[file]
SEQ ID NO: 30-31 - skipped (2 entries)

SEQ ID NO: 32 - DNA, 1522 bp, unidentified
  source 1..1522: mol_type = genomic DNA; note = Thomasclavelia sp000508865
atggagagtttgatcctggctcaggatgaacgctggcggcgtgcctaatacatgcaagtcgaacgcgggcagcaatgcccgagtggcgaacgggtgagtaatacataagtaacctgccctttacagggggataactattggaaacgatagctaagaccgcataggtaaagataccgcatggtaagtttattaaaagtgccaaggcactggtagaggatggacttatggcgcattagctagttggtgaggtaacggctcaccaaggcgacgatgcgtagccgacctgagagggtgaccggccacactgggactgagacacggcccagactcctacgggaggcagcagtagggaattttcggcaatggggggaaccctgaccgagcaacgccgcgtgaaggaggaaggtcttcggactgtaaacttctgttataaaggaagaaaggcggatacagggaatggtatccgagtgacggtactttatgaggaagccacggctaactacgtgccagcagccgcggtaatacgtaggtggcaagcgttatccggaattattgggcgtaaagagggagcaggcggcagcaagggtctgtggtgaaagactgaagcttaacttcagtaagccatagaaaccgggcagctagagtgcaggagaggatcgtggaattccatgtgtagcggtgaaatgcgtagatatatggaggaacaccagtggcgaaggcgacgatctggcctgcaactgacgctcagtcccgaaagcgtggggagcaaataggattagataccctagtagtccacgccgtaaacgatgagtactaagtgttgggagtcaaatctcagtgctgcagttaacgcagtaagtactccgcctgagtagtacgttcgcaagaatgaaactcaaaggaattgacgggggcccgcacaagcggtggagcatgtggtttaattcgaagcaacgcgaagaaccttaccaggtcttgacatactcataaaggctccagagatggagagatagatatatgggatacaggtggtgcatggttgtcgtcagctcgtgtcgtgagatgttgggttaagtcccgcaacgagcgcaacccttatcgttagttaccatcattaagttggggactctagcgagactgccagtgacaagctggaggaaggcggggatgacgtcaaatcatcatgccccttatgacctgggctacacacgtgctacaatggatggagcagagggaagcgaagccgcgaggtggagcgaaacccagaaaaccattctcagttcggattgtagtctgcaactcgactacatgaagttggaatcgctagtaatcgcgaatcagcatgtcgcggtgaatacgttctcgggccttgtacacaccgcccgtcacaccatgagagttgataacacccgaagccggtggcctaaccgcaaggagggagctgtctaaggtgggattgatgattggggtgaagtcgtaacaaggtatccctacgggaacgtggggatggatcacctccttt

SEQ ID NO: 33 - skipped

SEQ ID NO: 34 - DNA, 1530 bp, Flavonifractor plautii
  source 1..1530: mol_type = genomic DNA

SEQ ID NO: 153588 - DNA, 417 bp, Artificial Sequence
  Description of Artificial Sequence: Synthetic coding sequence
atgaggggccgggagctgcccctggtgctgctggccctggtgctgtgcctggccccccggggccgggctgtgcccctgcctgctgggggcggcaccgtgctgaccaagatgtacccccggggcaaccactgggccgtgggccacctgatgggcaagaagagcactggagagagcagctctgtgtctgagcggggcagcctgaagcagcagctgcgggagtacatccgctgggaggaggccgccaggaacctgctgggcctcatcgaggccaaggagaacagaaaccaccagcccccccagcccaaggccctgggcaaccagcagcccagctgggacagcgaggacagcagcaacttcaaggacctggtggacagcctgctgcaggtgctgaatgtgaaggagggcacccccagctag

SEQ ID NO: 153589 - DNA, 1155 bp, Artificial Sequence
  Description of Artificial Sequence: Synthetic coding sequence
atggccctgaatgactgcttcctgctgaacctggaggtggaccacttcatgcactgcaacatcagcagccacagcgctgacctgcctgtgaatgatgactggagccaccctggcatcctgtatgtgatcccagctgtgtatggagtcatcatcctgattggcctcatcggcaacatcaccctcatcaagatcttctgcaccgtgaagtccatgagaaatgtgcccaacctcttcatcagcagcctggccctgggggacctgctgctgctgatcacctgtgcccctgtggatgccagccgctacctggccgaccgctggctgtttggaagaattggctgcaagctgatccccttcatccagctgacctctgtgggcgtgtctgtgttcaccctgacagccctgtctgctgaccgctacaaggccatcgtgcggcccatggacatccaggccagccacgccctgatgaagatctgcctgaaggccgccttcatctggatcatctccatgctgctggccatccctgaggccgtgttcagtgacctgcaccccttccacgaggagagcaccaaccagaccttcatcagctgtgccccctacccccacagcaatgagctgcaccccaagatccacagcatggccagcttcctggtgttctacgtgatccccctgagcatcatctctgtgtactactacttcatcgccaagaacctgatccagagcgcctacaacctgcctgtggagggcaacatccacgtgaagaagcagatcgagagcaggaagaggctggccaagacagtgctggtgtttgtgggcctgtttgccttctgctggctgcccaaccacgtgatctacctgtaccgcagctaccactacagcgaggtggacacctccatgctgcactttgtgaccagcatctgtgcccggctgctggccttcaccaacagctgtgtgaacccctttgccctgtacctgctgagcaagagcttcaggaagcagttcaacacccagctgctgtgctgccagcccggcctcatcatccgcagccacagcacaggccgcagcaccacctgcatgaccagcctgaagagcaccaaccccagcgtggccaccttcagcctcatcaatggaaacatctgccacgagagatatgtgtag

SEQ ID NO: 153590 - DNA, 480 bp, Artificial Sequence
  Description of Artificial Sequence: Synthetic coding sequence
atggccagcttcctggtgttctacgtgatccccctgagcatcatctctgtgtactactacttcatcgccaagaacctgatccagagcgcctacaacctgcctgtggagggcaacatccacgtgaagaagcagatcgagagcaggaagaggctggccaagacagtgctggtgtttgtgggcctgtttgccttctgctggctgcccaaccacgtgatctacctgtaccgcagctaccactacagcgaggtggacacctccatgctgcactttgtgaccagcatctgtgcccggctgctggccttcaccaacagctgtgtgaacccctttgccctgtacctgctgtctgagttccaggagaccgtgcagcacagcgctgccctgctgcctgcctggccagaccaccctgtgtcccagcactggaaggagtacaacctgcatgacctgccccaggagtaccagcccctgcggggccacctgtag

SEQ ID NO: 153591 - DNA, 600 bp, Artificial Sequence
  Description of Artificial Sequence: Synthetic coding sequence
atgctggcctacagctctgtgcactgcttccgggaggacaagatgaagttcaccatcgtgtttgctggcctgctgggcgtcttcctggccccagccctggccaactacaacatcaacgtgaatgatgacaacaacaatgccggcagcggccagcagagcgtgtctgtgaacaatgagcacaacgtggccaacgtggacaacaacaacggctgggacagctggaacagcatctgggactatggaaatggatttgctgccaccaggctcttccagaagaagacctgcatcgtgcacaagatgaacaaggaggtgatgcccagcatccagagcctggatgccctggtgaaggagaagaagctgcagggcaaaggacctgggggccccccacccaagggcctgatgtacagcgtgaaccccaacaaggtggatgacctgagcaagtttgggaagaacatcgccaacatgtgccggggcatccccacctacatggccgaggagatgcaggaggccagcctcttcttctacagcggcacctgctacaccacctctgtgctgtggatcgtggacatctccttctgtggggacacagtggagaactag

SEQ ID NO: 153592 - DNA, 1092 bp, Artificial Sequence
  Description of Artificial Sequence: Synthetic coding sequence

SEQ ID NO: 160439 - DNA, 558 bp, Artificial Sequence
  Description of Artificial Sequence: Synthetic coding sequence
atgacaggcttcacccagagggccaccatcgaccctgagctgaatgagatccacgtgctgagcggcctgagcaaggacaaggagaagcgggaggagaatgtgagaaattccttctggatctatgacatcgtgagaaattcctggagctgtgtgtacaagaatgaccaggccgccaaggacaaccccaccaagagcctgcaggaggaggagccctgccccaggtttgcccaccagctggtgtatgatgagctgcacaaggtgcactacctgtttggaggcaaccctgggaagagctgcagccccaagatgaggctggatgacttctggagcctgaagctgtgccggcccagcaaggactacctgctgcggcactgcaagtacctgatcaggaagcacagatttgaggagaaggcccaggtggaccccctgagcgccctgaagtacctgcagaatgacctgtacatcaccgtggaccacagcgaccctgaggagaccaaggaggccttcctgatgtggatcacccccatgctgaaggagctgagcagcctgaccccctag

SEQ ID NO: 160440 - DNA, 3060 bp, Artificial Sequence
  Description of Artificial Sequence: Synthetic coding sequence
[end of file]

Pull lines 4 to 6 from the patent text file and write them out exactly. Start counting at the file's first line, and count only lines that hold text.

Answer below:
atggagagtttgatcctggctcaggatgaacgctggcggcgtgcctaatacatgcaagtcgaacgcgggcagcaatgcccgagtggcgaacgggtgagtaatacataagtaacctgccctttacagggggataactattggaaacgatagctaagaccgcataggtaaagataccgcatggtaagtttattaaaagtgccaaggcactggtagaggatggacttatggcgcattagctagttggtgaggtaacggctcaccaaggcgacgatgcgtagccgacctgagagggtgaccggccacactgggactgagacacggcccagactcctacgggaggcagcagtagggaattttcggcaatggggggaaccctgaccgagcaacgccgcgtgaaggaggaaggtcttcggactgtaaacttctgttataaaggaagaaaggcggatacagggaatggtatccgagtgacggtactttatgaggaagccacggctaactacgtgccagcagccgcggtaatacgtaggtggcaagcgttatccggaattattgggcgtaaagagggagcaggcggcagcaagggtctgtggtgaaagactgaagcttaacttcagtaagccatagaaaccgggcagctagagtgcaggagaggatcgtggaattccatgtgtagcggtgaaatgcgtagatatatggaggaacaccagtggcgaaggcgacgatctggcctgcaactgacgctcagtcccgaaagcgtggggagcaaataggattagataccctagtagtccacgccgtaaacgatgagtactaagtgttgggagtcaaatctcagtgctgcagttaacgcagtaagtactccgcctgagtagtacgttcgcaagaatgaaactcaaaggaattgacgggggcccgcacaagcggtggagcatgtggtttaattcgaagcaacgcgaagaaccttaccaggtcttgacatactcataaaggctccagagatggagagatagatatatgggatacaggtggtgcatggttgtcgtcagctcgtgtcgtgagatgttgggttaagtcccgcaacgagcgcaacccttatcgttagttaccatcattaagttggggactctagcgagactgccagtgacaagctggaggaaggcggggatgacgtcaaatcatcatgccccttatgacctgggctacacacgtgctacaatggatggagcagagggaagcgaagccgcgaggtggagcgaaacccagaaaaccattctcagttcggattgtagtctgcaactcgactacatgaagttggaatcgctagtaatcgcgaatcagcatgtcgcggtgaatacgttctcgggccttgtacacaccgcccgtcacaccatgagagttgataacacccgaagccggtggcctaaccgcaaggagggagctgtctaaggtgggattgatgattggggtgaagtcgtaacaaggtatccctacgggaacgtggggatggatcacctccttt

SEQ ID NO: 33 - skipped

SEQ ID NO: 34 - DNA, 1530 bp, Flavonifractor plautii